Crazefoto 60-inch Camera Monopod
- Could be decent for smaller point and shoot cameras
- Product description and photos are misleading
- When used for suggested uses, the product broke
Product Description Misleading for Potential Buyers
It’s really important to research the equipment you buy before you buy it. I’m really glad that I am able to leave a review about this monopod for others to be able to avoid it if it’s not the right thing for them. At first glance, this monopod is inexpensive and useful as a simple stability device. Unfortunately, my experiences with it were less than amazing.
Since the manufacturer does not have a professional website, the only details I can provide come from the product’s Amazon page. The seller, Crazefoto, describes this monopod as a tool for cameras as well as a walking stick for outdoor use. It is constructed from aluminum and collapses down to 14.5″. It only weighs 0.51 pounds and has a universal thread mount for users to be able to attach any DSLR, still camera, video camera or ball head. There is a rubber, non-skid foot built into the base for all terrains. At the top of the monopod, you will find a soft foam grip and safety wrist strap attached to the staff. The monopod is designed with a flip lock four-leg section.
The monopod comes in a simple box with limited information printed on the box. Given the information provided on Amazon, I expected to have a different experience than I did. I have broken down the review into a few different categories.
Crazefoto vs. YunTeng: The first thing I noticed was that the monopod while branded as ‘Crazefoto’ on Amazon, has the name ‘YunTeng’ stamped on it. While this doesn’t really affect the use of the product, I wanted to point it out as something that is odd with it. It is the product I ordered — just branded differently.
Hiking or Camera Equipment: The second thing I noticed was that Crazefoto lists this as not only a monopod for cameras, but also a walking stick. While this might be true, I wouldn’t use a monopod as a walking stick and vice versa.
Foam Grip Fail: The next thing I noticed was that the foam grip doesn’t stay in place. It slides up and down the stick without hesitation. This has been the case since I removed it from the box. For something that is supposed to provide stabilization, I don’t like that the main grip might slide on me causing me to lose an important shot.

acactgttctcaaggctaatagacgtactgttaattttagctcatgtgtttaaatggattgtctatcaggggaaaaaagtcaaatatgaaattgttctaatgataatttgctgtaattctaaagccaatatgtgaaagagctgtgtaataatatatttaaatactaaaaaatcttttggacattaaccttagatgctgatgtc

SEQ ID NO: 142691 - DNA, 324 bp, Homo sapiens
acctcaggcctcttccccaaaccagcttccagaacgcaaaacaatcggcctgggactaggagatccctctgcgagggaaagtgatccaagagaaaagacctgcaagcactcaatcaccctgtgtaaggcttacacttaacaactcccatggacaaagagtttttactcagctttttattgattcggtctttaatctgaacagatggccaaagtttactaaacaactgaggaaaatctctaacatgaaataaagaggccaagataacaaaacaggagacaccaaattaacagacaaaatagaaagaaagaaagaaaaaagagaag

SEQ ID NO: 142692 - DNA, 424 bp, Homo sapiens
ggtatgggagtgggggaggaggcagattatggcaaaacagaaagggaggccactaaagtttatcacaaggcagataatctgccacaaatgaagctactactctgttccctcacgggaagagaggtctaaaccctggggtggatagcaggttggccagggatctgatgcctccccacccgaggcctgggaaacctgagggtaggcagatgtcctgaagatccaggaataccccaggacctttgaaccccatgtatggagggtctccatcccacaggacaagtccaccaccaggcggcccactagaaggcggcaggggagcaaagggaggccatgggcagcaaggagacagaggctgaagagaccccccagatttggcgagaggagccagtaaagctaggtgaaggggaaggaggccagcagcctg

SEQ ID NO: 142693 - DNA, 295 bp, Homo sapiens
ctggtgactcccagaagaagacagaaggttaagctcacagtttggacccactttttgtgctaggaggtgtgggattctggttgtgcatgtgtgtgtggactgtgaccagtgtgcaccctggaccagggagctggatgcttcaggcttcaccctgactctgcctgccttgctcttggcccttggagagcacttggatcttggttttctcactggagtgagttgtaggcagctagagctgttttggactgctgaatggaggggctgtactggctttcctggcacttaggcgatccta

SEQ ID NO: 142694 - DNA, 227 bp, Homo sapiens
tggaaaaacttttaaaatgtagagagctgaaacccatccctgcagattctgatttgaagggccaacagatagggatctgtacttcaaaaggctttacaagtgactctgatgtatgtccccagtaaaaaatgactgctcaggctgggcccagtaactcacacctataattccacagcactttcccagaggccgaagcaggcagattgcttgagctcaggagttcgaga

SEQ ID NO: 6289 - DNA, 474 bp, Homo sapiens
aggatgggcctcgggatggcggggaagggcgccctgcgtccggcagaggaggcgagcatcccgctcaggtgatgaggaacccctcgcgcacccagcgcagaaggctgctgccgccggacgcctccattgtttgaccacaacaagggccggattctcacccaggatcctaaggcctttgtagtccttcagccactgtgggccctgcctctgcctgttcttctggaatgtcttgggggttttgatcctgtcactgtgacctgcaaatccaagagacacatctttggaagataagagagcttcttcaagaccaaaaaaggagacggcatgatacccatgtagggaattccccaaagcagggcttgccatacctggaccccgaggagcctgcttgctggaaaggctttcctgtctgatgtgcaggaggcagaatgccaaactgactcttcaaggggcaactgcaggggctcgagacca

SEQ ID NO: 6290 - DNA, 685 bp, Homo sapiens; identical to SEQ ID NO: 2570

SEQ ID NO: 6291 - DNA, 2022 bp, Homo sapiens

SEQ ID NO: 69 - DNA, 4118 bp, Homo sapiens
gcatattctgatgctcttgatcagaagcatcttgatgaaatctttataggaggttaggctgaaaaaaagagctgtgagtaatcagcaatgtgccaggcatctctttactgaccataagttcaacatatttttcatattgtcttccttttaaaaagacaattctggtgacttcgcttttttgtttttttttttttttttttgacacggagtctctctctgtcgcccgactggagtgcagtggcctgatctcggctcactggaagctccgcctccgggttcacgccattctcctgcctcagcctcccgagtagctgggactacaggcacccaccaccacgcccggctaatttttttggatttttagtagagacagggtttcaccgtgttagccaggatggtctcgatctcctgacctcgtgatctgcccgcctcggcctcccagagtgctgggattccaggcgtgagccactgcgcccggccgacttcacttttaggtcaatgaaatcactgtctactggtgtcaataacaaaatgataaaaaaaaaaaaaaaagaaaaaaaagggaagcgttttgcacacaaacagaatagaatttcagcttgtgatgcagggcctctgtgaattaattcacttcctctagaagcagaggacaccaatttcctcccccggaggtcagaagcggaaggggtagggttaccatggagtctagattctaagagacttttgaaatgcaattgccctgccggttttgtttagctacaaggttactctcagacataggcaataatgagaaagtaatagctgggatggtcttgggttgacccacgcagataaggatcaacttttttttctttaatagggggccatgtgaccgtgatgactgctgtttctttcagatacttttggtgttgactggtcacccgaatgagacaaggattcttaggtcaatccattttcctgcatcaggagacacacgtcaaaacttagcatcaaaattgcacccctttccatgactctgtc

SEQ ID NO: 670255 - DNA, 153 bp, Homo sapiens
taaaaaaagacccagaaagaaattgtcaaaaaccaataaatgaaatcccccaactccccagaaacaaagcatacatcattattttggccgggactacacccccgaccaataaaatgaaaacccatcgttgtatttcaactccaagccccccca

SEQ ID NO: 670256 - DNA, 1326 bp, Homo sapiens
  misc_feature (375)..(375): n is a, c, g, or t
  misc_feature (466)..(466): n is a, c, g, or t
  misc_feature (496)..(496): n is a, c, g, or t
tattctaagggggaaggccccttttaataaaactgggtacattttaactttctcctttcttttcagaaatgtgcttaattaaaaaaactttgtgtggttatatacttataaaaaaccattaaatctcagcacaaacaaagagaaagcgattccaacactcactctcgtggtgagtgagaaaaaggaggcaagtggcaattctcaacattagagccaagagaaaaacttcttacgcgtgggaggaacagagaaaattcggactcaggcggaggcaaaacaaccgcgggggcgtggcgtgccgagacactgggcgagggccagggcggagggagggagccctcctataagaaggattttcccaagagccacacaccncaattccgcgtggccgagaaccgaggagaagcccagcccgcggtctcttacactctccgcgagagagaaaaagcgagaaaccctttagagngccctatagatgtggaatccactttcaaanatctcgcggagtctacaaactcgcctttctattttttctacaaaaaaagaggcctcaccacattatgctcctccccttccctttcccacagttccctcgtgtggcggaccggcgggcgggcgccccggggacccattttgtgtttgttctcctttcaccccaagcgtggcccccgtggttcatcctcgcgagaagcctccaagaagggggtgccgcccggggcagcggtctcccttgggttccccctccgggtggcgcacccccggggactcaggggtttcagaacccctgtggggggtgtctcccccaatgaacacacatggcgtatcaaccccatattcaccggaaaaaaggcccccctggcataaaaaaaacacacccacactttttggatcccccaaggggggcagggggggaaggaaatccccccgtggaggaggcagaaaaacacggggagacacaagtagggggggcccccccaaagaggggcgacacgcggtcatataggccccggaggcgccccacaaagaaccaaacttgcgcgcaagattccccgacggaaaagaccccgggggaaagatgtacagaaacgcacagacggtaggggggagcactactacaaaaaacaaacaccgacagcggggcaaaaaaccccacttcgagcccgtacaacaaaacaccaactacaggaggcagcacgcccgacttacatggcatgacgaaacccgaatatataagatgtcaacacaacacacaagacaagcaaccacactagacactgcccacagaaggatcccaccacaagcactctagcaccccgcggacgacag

Twist Lock Break: This is actually one of the biggest problems I found with the monopod. The twist lock mechanism broke on me after using it five times. In between each of the locking levels, there is a plastic seal. One of the seals cracked (pictured) and this decreased the stability of the monopod because it affects the locks.
Can’t Stand the Weight: My main concern with this monopod/walking stick is weight load and balance. The staff is made from aluminum and plastic and while it says it can hold up to 5 pounds, I don’t trust that. First of all, most people weigh more than 5 pounds and would exert more than that while using it as a walking stick. Second, the product description states that you can attach “any DSLR”. I have two Canon DSLRs. The one I use the most is the Canon 5D Mark IV. Its camera body (plus battery and memory cards) is right at 2 pounds. As soon as you add a lens on — especially a larger one — you hit that 5-pound mark rather quickly. In fact, I have the Canon 70-200 f2.8 lens and it weighs 3.3 pounds on its own. As soon as you put those two pieces together, you have a camera/lens combo that weighs over 5 pounds. I tried the monopod out with both the 5D Mark IV and a Canon 70D and both times the monopod buckled under the weight — even with smaller lenses attached.
Because of the issues I had using the monopod and with the problems, I found with its design, I really don’t find this to be a functional monopod for DSLR cameras. That said, I believe it could work well for smartphones (with a tripod adapter), smaller point-and-shoot consumer cameras, and perhaps even mirrorless cameras with smaller lenses. I guess what it really comes down to is that the product is described poorly for potential buyers. If it the product description were re-written for smaller cameras and the walking stick reference was taken out, this monopod would get a much higher rating in my book. I just found the product description — and photos — misleading.